IR35 advisers have said that government forecasts that the delay to private sector IR35 legislation cost the Treasury £740 million are merely estimates.
Advisory firm Qdos believes that the money forfeited by the exchequer in delaying the new rules may explain the lack of COVID-19 support for contractors and says that the government’s previous IR35 projections mean that the £740 million figure shouldn’t be taken as an accurate forecast.
Qdos CEO Seb Maley says: “As we all know, the government believes that IR35 non-compliance is widespread.”
Maley asserts that the government believes “as many as nine in 10 contractors who ought to be working inside IR35 are currently operating outside the scope of the legislation. But in our experience most contractors carry out their due diligence and ensure they are working compliantly with regards to IR35.”
Fellow advisory firm Bauer & Cottrell concurs, saying it doubts whether the government’s figures are “based on anything concrete.”
Bauer & Cottrell co-founder Kate Cottrell explains her doubts: “Not least because HMRC have claimed for many years that they did not actually know the size of the IR35-affected population. And I recall that HMRC had a very embarrassing time at the House of Lords, when they tried to defend their figures the last time.”
Regarding the forecast itself, Cottrell adds that: “HMRC’s statistics show that tax collected for April to October 2020 are £70.6billion lower than the same period in 2019. That was due to VAT of £38.7bn, income tax and NIC of £11bn, corporation tax of £11.9bn, and stamp duty taxes of £2.7bn.”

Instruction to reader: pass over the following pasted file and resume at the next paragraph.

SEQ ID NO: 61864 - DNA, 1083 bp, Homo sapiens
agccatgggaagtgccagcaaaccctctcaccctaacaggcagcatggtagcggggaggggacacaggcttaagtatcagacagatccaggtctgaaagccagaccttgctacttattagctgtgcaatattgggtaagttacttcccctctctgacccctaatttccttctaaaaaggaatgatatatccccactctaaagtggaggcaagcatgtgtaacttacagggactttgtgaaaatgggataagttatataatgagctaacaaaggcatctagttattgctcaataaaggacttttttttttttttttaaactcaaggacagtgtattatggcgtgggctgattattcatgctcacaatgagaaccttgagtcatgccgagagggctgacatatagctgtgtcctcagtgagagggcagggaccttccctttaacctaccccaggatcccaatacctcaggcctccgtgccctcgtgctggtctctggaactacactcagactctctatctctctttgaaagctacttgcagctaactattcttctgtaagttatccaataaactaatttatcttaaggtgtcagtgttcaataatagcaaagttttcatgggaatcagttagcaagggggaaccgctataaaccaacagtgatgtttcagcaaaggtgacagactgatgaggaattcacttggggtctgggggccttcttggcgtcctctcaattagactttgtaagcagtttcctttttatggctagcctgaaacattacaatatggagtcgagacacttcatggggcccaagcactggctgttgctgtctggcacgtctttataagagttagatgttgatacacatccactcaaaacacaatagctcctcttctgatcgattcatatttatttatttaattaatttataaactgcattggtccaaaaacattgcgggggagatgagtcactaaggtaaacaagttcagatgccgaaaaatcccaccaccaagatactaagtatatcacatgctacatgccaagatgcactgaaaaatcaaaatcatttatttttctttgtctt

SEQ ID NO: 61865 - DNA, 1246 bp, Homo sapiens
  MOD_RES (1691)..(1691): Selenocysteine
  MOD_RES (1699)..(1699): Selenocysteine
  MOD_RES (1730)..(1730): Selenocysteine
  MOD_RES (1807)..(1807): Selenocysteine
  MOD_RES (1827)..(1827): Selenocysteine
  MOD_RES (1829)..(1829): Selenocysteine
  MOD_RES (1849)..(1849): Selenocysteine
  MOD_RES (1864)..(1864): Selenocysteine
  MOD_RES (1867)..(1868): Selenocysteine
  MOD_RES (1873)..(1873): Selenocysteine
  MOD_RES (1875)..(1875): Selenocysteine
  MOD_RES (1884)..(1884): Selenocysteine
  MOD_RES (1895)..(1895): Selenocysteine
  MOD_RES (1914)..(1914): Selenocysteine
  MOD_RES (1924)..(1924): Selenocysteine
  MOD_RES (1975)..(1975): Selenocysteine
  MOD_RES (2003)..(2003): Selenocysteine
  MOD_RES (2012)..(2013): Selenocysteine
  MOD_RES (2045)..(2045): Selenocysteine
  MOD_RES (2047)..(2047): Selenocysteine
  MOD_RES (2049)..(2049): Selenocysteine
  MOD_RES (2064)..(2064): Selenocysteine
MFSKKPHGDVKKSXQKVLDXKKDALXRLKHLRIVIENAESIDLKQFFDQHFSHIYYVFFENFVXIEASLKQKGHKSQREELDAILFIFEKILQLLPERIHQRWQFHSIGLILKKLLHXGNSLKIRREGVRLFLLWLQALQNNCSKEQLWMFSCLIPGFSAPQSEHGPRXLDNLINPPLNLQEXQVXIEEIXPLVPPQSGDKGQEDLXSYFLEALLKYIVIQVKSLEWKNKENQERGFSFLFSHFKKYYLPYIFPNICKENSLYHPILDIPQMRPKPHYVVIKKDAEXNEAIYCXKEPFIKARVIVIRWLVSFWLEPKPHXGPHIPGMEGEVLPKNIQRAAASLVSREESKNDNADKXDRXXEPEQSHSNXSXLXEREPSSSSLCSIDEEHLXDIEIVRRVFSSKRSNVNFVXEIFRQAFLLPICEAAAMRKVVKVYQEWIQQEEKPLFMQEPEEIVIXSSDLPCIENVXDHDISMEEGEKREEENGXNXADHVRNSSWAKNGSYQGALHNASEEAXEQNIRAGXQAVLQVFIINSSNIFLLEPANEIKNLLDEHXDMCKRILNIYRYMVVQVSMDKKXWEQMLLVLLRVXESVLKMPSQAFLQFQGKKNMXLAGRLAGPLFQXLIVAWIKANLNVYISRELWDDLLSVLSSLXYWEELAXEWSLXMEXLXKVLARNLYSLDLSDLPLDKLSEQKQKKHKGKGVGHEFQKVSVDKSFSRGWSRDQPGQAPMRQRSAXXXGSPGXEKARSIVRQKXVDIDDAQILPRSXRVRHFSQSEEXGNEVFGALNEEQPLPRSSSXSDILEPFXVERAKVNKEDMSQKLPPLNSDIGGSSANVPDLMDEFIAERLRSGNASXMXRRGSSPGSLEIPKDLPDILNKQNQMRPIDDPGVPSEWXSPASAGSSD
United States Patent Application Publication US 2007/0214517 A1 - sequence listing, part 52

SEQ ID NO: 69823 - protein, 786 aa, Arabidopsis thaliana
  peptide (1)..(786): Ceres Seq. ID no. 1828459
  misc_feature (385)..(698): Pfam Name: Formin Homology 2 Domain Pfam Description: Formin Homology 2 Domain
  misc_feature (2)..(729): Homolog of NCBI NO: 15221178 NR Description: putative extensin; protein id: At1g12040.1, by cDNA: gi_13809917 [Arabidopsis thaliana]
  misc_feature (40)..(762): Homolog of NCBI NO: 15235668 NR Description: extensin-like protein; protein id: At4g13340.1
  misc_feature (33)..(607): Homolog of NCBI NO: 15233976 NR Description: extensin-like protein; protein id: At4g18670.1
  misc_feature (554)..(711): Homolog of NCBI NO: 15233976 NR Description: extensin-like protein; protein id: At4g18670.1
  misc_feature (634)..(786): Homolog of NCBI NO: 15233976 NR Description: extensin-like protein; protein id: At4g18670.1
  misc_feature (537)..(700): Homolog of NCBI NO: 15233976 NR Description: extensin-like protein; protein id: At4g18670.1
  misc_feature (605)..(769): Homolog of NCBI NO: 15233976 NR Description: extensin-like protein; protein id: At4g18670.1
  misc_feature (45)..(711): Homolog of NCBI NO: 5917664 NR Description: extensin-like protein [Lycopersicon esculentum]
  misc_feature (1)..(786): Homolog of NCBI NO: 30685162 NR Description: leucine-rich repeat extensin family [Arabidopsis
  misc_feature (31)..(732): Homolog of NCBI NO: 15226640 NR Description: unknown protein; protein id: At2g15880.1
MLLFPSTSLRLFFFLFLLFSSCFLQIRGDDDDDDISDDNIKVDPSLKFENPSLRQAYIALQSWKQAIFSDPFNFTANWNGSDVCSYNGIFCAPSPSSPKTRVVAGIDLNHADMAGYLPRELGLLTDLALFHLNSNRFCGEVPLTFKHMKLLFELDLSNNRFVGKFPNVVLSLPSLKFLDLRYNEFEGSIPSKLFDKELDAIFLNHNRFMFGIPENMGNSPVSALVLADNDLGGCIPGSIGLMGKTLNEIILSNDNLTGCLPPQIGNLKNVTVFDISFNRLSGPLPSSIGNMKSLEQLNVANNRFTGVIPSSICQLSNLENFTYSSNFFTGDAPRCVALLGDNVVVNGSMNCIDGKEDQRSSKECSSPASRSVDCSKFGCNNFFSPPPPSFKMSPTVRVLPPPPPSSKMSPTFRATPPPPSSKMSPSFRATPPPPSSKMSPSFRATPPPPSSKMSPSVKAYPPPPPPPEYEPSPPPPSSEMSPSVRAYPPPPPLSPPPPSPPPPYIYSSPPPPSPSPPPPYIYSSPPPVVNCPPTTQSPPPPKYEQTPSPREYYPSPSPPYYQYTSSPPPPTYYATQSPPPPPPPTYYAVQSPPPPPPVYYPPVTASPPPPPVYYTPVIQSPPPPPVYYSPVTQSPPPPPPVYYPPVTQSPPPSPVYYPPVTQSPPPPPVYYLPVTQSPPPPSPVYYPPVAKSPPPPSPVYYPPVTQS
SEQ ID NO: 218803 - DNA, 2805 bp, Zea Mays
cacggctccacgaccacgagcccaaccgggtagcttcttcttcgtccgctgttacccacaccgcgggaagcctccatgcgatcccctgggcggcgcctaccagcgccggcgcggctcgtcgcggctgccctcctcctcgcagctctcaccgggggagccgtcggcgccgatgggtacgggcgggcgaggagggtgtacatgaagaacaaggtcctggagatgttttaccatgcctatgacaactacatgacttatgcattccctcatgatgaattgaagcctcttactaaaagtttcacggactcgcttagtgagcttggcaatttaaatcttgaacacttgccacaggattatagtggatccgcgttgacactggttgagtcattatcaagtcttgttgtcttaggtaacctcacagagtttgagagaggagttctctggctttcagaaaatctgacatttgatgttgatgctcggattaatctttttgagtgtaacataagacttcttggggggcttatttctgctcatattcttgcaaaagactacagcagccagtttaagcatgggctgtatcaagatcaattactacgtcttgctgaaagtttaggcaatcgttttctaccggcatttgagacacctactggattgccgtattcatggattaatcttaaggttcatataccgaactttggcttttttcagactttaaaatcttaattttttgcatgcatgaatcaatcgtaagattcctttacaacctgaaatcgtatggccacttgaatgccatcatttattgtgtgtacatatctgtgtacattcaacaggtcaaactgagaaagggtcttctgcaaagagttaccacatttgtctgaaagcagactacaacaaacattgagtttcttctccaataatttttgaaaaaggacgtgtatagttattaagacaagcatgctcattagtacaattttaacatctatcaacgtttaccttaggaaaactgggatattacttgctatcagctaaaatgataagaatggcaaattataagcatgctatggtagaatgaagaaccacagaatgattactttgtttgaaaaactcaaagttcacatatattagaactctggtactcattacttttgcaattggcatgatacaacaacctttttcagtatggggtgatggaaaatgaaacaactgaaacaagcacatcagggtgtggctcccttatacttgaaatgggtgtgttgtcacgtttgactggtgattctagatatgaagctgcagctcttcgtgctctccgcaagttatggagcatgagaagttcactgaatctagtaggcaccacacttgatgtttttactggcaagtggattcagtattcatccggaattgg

“It will be interesting to know if account was taken of such a dramatic fall when the four-year projected revenue loss of £740m was calculated.”
While ReLegal Consulting strikes a more accepting tone, saying the £740m figure is “maybe an anticipation of a reduced number of PSCs”, the firm’s owner Rebecca Seeley Harris says that there is little else that could account for the predicted loss.
Seeley Harris says: “When I was at the Office of Tax Simplification, we used to get our details from HMRC’s Knowledge, Analysis and Intelligence (KAI) directorate. But KAI uses some very dubious proxies to make these assumptions. Sometimes they might as well just stick their finger in the air.”
Discussing these proxies, a former tax inspector said that they were used to “over-sophisticate” the Treasury’s forecasting methods for its projections. The former official said that figures were “pure and simple guesswork, really meaningless.”
Orion Electrotech IR35 expert Peter Whipday says: “With HM Treasury looking to recoup the costs of various COVID-19 support schemes and other key spending this year, when faced with projected costs of further delaying the IR35 reforms, it is easy to assume we won’t likely see any deferment again, in April.”
Author: Steven English